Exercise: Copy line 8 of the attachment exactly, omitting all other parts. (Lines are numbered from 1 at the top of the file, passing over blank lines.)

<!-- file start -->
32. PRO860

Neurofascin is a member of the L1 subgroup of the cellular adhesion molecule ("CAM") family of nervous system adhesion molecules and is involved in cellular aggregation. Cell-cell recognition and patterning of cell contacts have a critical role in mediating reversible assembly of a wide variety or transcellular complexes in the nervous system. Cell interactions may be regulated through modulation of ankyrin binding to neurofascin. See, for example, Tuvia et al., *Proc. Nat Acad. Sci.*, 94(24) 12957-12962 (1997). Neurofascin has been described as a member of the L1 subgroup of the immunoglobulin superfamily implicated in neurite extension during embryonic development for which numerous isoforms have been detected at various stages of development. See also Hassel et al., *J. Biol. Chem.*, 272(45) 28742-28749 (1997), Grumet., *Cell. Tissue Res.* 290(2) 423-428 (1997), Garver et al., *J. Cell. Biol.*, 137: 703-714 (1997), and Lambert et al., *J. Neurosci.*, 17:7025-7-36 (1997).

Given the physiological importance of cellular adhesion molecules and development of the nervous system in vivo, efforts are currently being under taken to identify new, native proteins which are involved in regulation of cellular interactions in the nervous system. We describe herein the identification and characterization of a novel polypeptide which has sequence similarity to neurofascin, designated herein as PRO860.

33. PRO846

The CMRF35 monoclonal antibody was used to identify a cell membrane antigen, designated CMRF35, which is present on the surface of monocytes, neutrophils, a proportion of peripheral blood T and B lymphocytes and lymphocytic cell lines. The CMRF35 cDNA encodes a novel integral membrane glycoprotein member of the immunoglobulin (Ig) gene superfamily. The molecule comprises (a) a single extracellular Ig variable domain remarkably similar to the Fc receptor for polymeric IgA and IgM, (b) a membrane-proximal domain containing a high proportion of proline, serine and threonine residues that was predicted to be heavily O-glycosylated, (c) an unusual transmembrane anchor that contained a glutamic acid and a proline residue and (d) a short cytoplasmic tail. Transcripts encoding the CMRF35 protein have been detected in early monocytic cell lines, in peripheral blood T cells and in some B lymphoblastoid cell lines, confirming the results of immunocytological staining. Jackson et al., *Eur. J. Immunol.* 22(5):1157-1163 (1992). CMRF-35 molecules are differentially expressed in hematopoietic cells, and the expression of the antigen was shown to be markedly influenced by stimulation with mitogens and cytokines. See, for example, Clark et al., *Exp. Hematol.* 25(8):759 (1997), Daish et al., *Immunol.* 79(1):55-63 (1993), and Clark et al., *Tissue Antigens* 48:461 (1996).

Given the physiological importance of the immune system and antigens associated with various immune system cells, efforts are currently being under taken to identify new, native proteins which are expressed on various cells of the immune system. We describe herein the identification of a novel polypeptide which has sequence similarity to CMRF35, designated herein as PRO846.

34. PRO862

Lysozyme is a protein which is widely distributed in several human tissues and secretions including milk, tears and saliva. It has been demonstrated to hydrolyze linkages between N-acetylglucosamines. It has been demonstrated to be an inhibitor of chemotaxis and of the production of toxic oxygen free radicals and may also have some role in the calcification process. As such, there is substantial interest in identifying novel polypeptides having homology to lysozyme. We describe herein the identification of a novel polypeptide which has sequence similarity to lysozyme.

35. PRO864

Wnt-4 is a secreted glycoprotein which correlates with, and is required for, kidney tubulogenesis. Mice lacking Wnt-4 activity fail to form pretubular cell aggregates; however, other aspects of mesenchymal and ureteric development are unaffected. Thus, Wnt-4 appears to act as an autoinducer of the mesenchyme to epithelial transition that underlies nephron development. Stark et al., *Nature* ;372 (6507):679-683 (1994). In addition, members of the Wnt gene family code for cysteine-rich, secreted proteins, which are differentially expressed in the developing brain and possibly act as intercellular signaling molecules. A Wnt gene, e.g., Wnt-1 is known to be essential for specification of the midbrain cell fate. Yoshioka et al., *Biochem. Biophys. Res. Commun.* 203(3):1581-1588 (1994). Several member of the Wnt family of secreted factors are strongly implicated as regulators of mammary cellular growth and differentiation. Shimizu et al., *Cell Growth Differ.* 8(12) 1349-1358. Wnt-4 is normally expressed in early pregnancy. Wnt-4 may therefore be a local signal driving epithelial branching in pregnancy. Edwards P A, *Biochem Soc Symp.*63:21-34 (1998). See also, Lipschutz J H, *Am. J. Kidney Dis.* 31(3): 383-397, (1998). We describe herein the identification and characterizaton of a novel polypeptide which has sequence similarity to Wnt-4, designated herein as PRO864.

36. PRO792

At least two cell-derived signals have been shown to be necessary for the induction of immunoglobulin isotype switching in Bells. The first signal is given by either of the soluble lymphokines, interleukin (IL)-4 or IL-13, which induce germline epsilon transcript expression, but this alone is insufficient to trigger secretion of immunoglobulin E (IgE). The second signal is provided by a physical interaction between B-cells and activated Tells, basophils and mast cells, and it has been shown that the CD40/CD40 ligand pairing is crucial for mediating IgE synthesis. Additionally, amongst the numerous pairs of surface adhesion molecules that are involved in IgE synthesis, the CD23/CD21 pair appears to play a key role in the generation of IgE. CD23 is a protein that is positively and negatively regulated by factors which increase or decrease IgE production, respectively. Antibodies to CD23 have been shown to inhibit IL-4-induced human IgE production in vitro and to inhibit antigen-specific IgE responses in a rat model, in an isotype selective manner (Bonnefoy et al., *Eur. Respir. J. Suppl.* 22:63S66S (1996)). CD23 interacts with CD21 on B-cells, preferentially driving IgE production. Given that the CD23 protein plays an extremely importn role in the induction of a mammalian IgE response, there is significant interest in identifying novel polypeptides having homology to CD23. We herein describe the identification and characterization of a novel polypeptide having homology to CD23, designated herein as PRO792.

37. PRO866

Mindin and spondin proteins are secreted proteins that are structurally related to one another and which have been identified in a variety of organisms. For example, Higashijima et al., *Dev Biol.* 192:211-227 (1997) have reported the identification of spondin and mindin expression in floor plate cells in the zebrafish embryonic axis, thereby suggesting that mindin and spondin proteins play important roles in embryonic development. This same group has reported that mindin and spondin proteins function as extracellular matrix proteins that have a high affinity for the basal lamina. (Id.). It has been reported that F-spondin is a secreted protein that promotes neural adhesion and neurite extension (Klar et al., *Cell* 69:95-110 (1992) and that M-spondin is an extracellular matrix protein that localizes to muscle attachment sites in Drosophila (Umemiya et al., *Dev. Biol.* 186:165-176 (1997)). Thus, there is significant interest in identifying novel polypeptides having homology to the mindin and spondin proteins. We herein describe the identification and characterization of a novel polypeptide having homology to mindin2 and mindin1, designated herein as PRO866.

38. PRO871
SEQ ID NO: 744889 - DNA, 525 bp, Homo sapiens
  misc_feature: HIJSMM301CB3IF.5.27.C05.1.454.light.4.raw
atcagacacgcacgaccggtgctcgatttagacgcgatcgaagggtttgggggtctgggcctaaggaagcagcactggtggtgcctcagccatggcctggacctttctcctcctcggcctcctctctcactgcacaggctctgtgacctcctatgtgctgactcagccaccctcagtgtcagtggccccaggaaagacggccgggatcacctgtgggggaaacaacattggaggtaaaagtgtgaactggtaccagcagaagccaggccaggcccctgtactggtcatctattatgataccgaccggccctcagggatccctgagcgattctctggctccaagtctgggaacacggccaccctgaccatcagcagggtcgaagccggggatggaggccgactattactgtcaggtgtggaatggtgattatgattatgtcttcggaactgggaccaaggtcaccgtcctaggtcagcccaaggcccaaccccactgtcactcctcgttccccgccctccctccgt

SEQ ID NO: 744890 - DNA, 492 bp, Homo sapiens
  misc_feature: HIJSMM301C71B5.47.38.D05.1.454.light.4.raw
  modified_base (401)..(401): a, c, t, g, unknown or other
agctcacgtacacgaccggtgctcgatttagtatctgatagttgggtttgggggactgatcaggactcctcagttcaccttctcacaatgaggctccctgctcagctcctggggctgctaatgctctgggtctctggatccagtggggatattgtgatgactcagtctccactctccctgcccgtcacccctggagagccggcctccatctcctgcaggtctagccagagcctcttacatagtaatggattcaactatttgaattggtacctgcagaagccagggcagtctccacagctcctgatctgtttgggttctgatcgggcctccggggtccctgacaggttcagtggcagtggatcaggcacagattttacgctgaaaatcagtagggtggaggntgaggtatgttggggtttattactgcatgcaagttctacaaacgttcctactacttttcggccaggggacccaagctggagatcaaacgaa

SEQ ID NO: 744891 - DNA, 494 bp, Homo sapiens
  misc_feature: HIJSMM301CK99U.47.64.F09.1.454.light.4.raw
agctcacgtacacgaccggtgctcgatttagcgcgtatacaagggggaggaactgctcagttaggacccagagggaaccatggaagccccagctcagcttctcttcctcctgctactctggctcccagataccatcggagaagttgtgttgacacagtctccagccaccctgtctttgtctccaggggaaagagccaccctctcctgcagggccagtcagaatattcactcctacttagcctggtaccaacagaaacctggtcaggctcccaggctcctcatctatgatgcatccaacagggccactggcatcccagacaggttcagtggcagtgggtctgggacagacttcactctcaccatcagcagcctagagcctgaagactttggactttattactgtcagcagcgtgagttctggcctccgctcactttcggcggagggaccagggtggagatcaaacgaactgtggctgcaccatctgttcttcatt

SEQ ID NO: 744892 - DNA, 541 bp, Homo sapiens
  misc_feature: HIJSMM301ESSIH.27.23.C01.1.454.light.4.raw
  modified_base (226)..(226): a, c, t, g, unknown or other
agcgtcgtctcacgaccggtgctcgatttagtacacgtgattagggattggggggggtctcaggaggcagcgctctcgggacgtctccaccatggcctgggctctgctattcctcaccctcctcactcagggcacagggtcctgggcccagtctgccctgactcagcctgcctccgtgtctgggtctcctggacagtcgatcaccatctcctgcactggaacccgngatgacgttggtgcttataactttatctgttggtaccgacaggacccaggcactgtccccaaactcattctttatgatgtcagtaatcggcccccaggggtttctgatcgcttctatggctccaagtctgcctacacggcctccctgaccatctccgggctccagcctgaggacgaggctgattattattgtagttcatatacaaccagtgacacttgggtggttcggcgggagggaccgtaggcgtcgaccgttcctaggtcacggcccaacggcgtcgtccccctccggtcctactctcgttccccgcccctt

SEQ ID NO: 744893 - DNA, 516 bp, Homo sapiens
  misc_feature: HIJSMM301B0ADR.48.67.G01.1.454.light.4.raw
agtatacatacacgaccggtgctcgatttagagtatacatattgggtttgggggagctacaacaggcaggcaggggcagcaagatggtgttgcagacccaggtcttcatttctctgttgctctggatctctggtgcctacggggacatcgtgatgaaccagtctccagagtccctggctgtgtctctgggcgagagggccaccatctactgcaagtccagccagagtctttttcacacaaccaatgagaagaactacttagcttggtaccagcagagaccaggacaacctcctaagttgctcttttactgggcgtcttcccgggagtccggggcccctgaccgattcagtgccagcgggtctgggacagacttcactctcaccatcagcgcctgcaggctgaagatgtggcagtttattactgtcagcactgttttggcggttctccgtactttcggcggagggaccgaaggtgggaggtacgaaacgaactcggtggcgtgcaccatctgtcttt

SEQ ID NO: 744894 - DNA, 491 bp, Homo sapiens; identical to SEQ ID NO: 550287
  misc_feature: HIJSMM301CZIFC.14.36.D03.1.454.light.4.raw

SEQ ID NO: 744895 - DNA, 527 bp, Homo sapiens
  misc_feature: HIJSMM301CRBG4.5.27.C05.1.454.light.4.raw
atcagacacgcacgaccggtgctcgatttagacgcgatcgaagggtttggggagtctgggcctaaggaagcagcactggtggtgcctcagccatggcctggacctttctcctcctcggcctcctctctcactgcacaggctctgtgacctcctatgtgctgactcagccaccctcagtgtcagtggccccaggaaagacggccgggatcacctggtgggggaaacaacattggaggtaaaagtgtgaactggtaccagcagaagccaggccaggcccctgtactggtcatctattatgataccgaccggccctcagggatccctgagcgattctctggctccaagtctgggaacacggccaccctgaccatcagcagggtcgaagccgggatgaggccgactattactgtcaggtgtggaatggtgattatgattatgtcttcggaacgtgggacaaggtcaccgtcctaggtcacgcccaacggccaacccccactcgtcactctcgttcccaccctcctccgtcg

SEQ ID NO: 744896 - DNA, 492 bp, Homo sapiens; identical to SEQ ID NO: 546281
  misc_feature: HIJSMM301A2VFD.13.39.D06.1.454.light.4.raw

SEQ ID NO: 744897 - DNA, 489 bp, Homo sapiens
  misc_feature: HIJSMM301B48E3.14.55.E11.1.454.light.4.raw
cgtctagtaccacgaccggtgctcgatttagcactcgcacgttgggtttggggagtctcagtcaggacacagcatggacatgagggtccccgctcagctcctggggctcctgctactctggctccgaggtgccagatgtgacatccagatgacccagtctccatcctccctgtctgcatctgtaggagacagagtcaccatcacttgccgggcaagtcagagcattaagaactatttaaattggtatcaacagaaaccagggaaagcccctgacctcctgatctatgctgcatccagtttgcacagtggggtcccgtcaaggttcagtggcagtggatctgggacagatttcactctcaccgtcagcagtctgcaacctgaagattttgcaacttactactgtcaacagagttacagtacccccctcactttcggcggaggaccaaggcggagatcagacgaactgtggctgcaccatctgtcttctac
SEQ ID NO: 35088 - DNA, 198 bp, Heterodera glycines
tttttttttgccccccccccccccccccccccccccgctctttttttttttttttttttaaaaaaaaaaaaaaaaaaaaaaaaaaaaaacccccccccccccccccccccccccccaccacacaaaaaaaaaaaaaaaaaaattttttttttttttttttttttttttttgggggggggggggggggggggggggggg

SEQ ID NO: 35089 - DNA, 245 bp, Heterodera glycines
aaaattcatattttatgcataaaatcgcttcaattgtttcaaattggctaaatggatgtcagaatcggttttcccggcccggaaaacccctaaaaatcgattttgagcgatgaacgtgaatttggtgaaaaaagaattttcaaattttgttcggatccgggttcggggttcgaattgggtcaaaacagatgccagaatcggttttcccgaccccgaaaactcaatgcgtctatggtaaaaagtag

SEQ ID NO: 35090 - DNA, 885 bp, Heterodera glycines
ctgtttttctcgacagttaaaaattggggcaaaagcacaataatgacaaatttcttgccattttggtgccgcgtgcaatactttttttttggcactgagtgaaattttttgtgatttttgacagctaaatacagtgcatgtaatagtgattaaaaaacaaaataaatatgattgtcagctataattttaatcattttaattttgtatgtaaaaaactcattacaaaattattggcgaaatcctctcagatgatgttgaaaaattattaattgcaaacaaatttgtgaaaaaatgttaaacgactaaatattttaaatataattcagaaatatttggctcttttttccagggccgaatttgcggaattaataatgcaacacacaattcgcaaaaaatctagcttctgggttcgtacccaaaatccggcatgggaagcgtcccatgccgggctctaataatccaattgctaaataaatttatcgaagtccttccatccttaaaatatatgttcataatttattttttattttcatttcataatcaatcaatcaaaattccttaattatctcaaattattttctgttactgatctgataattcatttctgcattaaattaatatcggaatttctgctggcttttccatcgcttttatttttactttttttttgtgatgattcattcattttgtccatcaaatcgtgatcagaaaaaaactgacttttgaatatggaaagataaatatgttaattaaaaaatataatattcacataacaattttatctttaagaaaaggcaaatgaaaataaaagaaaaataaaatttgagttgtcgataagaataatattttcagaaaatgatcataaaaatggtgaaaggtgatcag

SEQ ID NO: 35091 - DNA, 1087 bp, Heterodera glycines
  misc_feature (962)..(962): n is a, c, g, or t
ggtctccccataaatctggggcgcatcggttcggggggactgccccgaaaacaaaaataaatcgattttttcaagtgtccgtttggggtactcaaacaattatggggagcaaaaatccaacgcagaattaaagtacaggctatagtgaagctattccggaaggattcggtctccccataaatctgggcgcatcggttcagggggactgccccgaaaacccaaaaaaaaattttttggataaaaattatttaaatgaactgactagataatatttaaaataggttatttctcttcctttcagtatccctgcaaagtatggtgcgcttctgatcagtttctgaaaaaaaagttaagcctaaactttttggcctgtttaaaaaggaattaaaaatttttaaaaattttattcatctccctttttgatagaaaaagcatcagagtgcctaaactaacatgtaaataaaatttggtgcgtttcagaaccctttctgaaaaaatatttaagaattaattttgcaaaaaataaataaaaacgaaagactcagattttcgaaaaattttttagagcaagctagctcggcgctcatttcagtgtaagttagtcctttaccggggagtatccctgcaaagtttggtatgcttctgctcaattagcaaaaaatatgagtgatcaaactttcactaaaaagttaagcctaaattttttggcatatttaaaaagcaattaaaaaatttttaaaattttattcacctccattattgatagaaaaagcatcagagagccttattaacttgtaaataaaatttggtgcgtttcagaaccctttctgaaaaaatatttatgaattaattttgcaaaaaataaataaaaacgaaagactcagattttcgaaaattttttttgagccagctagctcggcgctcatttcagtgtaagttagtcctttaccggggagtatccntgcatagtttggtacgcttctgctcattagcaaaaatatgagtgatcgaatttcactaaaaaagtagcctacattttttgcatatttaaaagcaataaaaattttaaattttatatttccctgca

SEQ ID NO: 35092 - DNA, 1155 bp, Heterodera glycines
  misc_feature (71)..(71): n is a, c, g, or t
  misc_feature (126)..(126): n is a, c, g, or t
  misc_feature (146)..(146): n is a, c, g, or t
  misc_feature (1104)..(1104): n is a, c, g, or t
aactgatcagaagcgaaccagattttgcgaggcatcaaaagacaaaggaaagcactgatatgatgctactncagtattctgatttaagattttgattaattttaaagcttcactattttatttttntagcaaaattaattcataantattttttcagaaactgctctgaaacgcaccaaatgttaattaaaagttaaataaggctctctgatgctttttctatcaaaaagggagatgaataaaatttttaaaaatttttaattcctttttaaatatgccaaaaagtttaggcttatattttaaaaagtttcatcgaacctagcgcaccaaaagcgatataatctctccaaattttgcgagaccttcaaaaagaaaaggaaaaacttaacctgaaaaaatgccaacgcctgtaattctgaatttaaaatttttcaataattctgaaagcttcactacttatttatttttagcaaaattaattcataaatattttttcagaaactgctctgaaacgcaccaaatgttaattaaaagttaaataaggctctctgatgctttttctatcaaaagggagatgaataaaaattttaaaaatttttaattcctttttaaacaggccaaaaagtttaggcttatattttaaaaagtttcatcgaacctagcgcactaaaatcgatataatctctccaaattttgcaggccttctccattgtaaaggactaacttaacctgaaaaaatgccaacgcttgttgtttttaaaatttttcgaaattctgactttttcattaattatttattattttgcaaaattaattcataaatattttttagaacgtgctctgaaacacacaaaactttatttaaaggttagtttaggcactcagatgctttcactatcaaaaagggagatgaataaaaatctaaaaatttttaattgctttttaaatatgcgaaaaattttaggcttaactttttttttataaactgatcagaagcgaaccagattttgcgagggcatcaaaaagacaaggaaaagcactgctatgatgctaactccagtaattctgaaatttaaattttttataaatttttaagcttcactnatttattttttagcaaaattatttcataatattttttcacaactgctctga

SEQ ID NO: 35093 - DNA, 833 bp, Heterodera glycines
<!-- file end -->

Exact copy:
Lysozyme is a protein which is widely distributed in several human tissues and secretions including milk, tears and saliva. It has been demonstrated to hydrolyze linkages between N-acetylglucosamines. It has been demonstrated to be an inhibitor of chemotaxis and of the production of toxic oxygen free radicals and may also have some role in the calcification process. As such, there is substantial interest in identifying novel polypeptides having homology to lysozyme. We describe herein the identification of a novel polypeptide which has sequence similarity to lysozyme.